Department of Energy recognizes Air Force energy program
By Jennifer McCabe, Air Force Civil Engineer Center Public Affairs / Published August 01, 2013
TYNDALL AIR FORCE BASE, Fla. (AFNS) --
It's the Oscars of the energy world and the Air Force has stolen the show again.
Innovative ideas and procedures for saving facility energy and aviation fuel have earned the Air Force five Federal Energy Management Program awards in 2013, bringing the total to 21 winners in the last four years.
A part of the U.S. Department of Energy, FEMP recognizes individuals and organizations in federal government that make significant contributions to the efficient use of energy and water resources.
Air Force winners for 2013 include: Kelly Jaramillo, U.S. Air Forces in Europe; David Morin, Laughlin Air Force Base, Texas; Air Combat Command, Joint Base Langley-Eustis, Va.; 22nd Operations Group Fuel Efficiency Office, McConnell AFB, Kansas; and Seymour Johnson AFB, N.C.
Their combined efforts helped the Air Force save more than $18.6 million in 2012.
USAFE Energy Program Manager Kelly Jaramillo is responsible for a $145 million utility budget across 10 wings and 114 geographically separated units in Europe. Jaramillo is known for developing innovative ideas, tools and strategies for saving energy, water and money.
"The most important things from my perspective are teamwork, constant communication and the will to never quit," Jaramillo said.
In fiscal 2012, Jaramillo made reducing energy use in military family housing one of her goals. Overseas electricity and natural gas bills cost the Air Force $23.7 million annually and military families never see them. Jaramillo worked with the housing programmer to create the headquarters USAFE Resident Energy Efficiency Program, or REEP.
REEP organizers then engaged installation and housing leadership, provided personalized coaching to participating families, installed in-home energy monitors and employed rewards and recognition programs.
The program began in October, and so far, REEP participants have reduced energy use by 25 percent and natural gas consumption by 17 percent.
Base energy manager David Morin, guided the Laughlin AFB energy efforts, changing the base from being one of the highest energy users within Air Education and Training Command to the lowest. He helped reduce energy use by 24 percent and water use by 27 percent.
Morin teamed with commanders to minimize irrigated space, maintain a standard office temperature set point, reduce night lighting, train warehouse buyers to identify energy and water efficient products and use advanced meters to identify anomalies and work with facility managers to correct them.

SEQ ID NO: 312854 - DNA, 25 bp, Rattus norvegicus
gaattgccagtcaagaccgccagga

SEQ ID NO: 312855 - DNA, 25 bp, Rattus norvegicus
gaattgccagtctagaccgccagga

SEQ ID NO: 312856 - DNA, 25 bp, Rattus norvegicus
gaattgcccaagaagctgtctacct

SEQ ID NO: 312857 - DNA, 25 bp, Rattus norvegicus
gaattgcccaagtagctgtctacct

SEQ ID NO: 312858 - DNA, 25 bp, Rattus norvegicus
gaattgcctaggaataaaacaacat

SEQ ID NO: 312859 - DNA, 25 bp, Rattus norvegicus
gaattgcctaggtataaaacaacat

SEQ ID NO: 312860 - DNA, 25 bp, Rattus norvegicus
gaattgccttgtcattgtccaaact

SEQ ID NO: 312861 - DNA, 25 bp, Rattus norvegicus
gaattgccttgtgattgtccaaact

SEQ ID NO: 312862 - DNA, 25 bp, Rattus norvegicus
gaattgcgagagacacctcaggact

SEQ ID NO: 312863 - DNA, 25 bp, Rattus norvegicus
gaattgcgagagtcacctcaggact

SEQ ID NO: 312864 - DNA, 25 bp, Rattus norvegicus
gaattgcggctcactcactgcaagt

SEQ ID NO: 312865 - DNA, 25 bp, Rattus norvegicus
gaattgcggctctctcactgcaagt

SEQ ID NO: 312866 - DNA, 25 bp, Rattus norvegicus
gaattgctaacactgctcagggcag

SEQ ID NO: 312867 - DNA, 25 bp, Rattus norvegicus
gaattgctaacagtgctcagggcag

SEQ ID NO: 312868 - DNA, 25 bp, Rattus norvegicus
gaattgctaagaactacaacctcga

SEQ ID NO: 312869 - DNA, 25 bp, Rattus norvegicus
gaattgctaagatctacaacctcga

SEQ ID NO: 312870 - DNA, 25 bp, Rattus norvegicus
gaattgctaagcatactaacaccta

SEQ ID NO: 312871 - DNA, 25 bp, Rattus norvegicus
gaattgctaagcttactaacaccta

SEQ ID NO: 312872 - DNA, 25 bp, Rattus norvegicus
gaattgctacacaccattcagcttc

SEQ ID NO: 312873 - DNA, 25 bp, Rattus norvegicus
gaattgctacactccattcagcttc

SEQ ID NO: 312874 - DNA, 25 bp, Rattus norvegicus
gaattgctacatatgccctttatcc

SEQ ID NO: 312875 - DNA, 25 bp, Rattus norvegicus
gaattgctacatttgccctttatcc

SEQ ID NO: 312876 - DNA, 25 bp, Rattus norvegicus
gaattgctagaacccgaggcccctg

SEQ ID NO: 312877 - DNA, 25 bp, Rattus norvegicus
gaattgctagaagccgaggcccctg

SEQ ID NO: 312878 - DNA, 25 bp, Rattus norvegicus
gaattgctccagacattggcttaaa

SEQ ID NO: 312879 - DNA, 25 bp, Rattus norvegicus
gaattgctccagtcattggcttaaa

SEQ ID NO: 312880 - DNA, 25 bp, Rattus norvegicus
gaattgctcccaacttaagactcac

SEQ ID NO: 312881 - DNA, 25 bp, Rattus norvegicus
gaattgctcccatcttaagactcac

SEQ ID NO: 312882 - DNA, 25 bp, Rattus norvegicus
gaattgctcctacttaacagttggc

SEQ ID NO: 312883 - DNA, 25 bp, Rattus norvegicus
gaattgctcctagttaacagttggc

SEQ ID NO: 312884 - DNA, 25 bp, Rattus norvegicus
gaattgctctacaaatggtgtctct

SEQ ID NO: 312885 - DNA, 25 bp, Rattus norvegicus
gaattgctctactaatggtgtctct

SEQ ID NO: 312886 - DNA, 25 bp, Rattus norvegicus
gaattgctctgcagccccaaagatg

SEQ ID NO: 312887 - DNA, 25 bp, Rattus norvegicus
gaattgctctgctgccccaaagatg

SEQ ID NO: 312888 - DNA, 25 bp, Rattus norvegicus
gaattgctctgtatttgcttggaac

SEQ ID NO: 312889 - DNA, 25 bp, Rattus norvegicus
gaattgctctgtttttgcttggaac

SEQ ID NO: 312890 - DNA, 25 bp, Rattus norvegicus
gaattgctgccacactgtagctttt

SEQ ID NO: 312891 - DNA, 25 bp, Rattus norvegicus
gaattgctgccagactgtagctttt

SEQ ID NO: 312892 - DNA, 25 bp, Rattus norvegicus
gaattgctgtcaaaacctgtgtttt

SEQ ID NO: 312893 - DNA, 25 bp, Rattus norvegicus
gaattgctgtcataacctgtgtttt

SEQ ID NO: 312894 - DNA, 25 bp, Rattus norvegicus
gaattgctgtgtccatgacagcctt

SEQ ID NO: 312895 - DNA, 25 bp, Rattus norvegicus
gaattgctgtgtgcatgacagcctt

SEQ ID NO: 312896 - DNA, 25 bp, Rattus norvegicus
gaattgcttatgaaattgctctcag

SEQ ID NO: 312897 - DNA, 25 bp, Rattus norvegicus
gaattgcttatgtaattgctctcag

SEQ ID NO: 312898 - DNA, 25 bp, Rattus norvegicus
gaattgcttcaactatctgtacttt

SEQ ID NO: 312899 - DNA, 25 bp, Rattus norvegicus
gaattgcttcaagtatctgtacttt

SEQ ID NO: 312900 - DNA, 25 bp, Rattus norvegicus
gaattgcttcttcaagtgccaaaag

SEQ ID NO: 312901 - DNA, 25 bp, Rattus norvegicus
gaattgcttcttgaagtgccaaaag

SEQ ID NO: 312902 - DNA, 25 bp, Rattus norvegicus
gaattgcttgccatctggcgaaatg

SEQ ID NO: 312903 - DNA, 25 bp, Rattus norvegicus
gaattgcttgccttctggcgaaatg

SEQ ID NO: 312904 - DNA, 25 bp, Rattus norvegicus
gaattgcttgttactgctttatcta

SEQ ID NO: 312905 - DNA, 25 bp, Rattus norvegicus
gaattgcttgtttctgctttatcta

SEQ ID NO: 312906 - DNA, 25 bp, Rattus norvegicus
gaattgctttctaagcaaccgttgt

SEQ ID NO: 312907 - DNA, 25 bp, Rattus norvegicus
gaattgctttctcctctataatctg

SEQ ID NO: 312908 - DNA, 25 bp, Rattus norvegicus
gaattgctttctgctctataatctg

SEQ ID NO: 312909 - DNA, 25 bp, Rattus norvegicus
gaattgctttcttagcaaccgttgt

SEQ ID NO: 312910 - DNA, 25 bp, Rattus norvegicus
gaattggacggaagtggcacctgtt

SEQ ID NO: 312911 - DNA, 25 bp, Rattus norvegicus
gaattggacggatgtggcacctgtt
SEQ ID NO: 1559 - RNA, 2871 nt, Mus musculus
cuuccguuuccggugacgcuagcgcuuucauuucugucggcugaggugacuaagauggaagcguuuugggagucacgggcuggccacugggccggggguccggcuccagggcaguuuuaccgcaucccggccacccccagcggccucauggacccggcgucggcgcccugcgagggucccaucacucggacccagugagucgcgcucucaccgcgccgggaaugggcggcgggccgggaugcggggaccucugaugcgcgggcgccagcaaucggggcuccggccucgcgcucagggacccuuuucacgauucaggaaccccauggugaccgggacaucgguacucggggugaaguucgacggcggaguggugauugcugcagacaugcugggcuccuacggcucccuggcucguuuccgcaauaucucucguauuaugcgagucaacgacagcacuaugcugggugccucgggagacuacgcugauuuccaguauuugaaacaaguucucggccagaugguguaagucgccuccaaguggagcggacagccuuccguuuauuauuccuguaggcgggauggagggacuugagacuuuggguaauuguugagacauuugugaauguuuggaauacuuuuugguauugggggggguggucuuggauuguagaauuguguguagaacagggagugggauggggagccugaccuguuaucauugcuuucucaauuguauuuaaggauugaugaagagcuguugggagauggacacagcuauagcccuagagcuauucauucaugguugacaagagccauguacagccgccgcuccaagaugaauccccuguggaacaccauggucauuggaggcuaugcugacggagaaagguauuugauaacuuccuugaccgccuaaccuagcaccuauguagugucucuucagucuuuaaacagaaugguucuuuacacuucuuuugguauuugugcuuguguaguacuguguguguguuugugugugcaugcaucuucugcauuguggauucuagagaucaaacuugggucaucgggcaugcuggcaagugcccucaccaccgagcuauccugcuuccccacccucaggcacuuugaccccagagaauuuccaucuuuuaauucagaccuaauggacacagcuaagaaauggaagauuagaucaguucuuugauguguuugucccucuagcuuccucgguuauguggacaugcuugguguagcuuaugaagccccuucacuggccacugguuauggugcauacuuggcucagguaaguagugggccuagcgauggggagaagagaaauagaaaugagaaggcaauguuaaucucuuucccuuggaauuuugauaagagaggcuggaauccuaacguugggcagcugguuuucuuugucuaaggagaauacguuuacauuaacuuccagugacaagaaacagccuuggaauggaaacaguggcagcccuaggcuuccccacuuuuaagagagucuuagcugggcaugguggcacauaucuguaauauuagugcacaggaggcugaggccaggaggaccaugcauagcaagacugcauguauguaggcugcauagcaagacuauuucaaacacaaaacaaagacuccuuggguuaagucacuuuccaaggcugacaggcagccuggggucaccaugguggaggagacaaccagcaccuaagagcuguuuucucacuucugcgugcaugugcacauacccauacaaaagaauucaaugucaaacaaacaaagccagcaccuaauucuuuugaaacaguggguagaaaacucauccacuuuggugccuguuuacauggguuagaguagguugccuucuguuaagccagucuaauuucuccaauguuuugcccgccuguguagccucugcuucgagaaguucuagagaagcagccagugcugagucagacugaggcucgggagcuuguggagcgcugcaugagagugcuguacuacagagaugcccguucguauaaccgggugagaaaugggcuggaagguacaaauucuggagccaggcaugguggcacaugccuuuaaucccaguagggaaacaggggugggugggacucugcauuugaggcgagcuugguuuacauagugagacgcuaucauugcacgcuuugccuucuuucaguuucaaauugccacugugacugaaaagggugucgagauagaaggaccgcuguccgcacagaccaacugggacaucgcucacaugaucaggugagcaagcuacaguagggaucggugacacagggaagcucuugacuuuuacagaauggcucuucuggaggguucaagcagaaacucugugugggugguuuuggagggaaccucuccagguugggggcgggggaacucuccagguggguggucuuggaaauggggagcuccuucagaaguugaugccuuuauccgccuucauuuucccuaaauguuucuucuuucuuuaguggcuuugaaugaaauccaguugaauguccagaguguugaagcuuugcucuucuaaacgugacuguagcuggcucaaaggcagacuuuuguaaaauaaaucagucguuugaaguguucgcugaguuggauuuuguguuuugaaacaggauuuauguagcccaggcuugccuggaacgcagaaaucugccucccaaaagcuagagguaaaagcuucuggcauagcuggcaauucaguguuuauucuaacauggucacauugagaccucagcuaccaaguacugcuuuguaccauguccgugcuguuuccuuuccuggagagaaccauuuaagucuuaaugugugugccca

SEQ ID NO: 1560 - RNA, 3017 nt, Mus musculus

"It took senior leadership support and a coordinated effort from our maintenance shops, energy management control system staff, facility occupants and engineer project managers all looking at how to conserve in their individual areas," Morin said.
He is currently working with the Air Force Renewable Energy Project Development Panel on a 10-megawatt photovoltaic power plant and has received construction funding for a base-wide xeriscape project.
The ACC facility energy team at Langley managed a program for 16 installations focused on project execution, system optimization and accounting. The program awarded 39 energy projects in fiscal 2012, saving $5.4 million annually. The adjustment and calibration of heating ventilation and air conditioning at 78 major facilities, along with energy management control system repairs and training at 12 bases, brings the total energy saved in fiscal 2012 to 538,809 MMBTU. That's enough energy to power 14,000 average homes a year.
The 22nd Operations Group Fuel Efficiency Office at McConnell AFB designed and implemented measures to reduce and eliminate inefficiency in fuel management of the KC-135 Stratotanker. One initiative, reducing landing fuel by 5,000 pounds per sortie saved nearly two million gallons of fuel a year. The team also reduced flap approach profiles, redistributed 100 training flights to simulators and developed a new training configuration which reduced aircraft basic weight by 1,600 pounds. In total, these efforts established a new culture and saved the Air Force $4.3 million in 2012 despite a 42-percent increase in sorties.
The Seymour Johnson AFB Energy Team supported the design and construction of the Leadership in Energy and Environmental Design Gold level Seymour Johnson Support Center. The building consolidated five organizations into a single facility to reduce energy consumption by 60 percent, energy costs by 50 percent and potable water use by 50 percent.
A ceremony for all winners will be held in Washington, D.C., in November. Other winners include: Department of Agriculture, Department of the Army, Department of Energy, Department of Homeland Security, Department of the Interior, Department of the Navy, Department of Veterans Affairs, General Services Administration and U.S. Marine Corps.